Project Details
Funding Scheme : General Research Fund
Project Number : 17622019
Project Title(English) : Court Curbing: Elites and Judicial Power in the Age of Populism  
Project Title(Chinese) : 司法遏制:民綷浪潮下的政治精英及司法權力 
Principal Investigator(English) : Dr Schwartz, Alexander David 
Principal Investigator(Chinese) :  
Department : Department of Law
Institution : The University of Hong Kong
Co - Investigator(s) :
Panel : Humanities, Social Sciences
Subject Area : Social and Behavioural Sciences
Exercise Year : 2019 / 20
Fund Approved : 685,320
Project Status : On-going
Completion Date : 31-8-2022
Abstract as per original application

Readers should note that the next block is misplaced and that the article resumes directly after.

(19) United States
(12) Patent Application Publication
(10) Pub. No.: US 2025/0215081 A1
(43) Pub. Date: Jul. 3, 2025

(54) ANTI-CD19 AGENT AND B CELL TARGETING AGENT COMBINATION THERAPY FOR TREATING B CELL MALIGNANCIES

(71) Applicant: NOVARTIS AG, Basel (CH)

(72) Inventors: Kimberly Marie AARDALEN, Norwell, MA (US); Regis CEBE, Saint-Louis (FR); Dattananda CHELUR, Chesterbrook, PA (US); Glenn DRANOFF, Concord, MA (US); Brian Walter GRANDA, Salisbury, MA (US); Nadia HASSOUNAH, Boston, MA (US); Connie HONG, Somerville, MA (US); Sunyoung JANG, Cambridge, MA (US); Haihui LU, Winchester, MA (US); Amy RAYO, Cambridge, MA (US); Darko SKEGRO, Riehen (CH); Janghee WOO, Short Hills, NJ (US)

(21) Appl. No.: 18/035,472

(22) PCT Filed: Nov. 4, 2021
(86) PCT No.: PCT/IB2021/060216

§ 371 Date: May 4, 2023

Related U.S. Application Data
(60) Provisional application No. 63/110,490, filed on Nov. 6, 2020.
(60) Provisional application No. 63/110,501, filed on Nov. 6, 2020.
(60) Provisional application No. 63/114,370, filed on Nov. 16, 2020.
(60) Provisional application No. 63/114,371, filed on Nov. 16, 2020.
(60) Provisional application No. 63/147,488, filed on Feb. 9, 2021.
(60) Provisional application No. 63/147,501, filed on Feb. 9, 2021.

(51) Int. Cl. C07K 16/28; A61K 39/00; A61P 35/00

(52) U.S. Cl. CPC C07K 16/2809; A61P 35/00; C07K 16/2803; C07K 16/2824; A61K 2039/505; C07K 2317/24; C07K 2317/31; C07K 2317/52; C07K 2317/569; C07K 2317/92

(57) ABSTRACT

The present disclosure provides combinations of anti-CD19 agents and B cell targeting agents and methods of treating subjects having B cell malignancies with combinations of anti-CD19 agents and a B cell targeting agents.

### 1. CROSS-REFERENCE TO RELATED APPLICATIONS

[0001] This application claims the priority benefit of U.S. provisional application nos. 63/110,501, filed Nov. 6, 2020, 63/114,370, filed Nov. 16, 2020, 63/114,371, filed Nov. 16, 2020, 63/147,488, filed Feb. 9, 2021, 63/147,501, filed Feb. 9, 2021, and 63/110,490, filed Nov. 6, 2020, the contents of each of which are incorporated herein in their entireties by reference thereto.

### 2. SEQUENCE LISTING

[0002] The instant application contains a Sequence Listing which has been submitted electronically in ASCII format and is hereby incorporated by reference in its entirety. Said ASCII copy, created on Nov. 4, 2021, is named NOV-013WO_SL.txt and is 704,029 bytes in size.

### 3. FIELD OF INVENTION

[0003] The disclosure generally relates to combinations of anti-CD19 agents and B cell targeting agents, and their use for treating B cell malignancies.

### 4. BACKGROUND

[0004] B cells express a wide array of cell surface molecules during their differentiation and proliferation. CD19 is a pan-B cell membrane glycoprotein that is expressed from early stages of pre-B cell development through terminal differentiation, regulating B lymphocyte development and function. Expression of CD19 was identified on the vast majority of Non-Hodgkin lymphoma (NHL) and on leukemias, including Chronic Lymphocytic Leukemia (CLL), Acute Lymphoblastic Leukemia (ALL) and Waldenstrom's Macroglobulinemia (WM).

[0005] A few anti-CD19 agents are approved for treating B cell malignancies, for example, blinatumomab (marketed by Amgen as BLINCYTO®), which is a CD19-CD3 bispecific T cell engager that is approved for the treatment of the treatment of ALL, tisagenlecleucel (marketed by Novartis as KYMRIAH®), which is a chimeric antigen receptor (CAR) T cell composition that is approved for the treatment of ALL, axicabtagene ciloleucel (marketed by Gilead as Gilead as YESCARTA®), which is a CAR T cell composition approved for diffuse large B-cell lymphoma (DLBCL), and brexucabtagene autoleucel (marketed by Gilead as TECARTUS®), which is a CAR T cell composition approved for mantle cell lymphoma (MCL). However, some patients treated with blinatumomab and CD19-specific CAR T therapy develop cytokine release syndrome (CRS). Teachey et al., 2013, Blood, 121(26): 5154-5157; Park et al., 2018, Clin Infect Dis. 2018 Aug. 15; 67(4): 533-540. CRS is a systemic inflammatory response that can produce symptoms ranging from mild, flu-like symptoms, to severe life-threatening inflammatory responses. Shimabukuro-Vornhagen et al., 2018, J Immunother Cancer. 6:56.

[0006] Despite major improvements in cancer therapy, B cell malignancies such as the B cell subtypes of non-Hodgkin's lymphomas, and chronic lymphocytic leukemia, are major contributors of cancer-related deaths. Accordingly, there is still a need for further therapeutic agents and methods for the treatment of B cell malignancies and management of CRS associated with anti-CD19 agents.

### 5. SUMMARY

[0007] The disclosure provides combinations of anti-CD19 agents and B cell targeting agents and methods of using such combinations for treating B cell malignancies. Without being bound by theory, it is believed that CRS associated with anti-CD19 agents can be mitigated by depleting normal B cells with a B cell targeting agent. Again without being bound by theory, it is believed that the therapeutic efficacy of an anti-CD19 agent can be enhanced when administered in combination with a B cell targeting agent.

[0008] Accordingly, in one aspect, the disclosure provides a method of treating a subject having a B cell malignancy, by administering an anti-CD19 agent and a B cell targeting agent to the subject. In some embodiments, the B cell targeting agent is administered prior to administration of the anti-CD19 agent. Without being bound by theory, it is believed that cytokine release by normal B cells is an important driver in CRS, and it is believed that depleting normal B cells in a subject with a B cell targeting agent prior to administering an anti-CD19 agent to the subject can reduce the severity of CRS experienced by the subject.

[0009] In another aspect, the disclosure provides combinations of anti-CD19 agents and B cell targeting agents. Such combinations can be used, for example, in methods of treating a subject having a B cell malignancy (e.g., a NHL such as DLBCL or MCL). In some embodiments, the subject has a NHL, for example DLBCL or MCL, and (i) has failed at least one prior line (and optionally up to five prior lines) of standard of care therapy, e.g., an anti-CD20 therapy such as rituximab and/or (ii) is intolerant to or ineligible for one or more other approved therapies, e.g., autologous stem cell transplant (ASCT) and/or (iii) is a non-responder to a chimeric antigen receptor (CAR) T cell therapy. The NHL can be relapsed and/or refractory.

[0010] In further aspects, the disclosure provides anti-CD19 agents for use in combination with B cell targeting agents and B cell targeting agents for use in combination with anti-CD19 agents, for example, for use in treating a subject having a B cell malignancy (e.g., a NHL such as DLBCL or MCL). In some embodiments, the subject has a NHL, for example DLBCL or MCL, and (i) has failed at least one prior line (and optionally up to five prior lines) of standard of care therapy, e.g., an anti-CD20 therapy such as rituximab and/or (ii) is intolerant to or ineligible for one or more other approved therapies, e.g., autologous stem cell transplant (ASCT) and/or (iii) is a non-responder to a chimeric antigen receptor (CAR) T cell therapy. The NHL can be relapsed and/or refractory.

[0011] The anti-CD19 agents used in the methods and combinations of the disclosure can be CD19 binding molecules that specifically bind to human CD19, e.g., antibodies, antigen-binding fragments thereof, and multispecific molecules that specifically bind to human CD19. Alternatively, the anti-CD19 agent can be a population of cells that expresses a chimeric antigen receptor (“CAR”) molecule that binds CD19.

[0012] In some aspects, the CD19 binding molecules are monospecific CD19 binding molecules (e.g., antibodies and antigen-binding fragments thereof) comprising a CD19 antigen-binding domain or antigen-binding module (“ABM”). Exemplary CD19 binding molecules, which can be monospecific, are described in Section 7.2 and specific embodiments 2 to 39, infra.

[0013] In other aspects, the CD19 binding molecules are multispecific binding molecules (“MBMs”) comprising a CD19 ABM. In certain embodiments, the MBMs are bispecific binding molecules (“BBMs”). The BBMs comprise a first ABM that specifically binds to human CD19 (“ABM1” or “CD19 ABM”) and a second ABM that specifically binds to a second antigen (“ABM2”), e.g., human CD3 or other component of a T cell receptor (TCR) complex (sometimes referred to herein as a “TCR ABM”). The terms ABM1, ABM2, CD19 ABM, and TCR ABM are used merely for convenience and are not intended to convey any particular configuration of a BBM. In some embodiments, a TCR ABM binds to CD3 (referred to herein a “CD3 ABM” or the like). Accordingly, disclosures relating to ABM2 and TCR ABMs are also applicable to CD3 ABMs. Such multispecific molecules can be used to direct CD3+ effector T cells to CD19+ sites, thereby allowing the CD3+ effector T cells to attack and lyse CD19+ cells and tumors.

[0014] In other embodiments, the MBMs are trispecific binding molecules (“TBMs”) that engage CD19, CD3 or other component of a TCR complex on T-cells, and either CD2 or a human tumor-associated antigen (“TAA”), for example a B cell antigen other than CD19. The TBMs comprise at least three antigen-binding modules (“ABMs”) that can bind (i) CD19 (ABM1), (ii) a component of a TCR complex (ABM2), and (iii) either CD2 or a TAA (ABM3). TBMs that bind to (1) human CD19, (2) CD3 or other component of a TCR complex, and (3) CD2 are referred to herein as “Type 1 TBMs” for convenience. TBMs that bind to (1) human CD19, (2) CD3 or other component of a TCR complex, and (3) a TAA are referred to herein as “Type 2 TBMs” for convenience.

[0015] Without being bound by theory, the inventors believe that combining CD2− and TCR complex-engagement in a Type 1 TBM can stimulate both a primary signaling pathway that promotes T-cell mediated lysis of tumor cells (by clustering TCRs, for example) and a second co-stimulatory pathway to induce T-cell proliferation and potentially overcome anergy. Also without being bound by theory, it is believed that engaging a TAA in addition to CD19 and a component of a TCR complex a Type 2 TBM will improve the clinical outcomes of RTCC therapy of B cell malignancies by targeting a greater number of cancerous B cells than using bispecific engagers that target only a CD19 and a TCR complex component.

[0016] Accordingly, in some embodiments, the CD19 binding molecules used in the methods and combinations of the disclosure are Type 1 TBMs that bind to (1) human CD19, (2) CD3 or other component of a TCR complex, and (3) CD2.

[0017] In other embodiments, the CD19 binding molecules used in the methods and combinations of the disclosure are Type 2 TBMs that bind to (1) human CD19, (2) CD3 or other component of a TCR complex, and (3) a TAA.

This research is about legislative and executive efforts to limit or control the power of courts, a phenomenon known as “court curbing”. The topic is both perennial and timely. Even in longstanding and stable constitutional democracies, courts may have their jurisdiction curtailed or their resources cut. In more extreme cases, the judges themselves may be impeached and replaced by more docile alternatives. Recent events in Poland and elsewhere have made questions of judicial independence and court curbing more pressing than ever. Although this latest wave of court curbing may appear to reflect a broadly “populist” hostility to judiciaries, I will show how court curbing is driven primarily by the interests of political elites and their frustration with independent courts. To this end, I use cross-national data to investigate how court curbing might be predicted in advance, testing hypotheses that court curbing will be prefigured by episodes of non-compliance with judicial decisions and proactive efforts by political elites to turn public opinion against the courts. I will also look closely at how anti-court discourse is employed to justify and legitimate court curbing in recent examples from Poland, Turkey, and the United Kingdom. Ultimately, these two lines of inquiry will come together to show how court curbing is motivated and shaped by elite interests.
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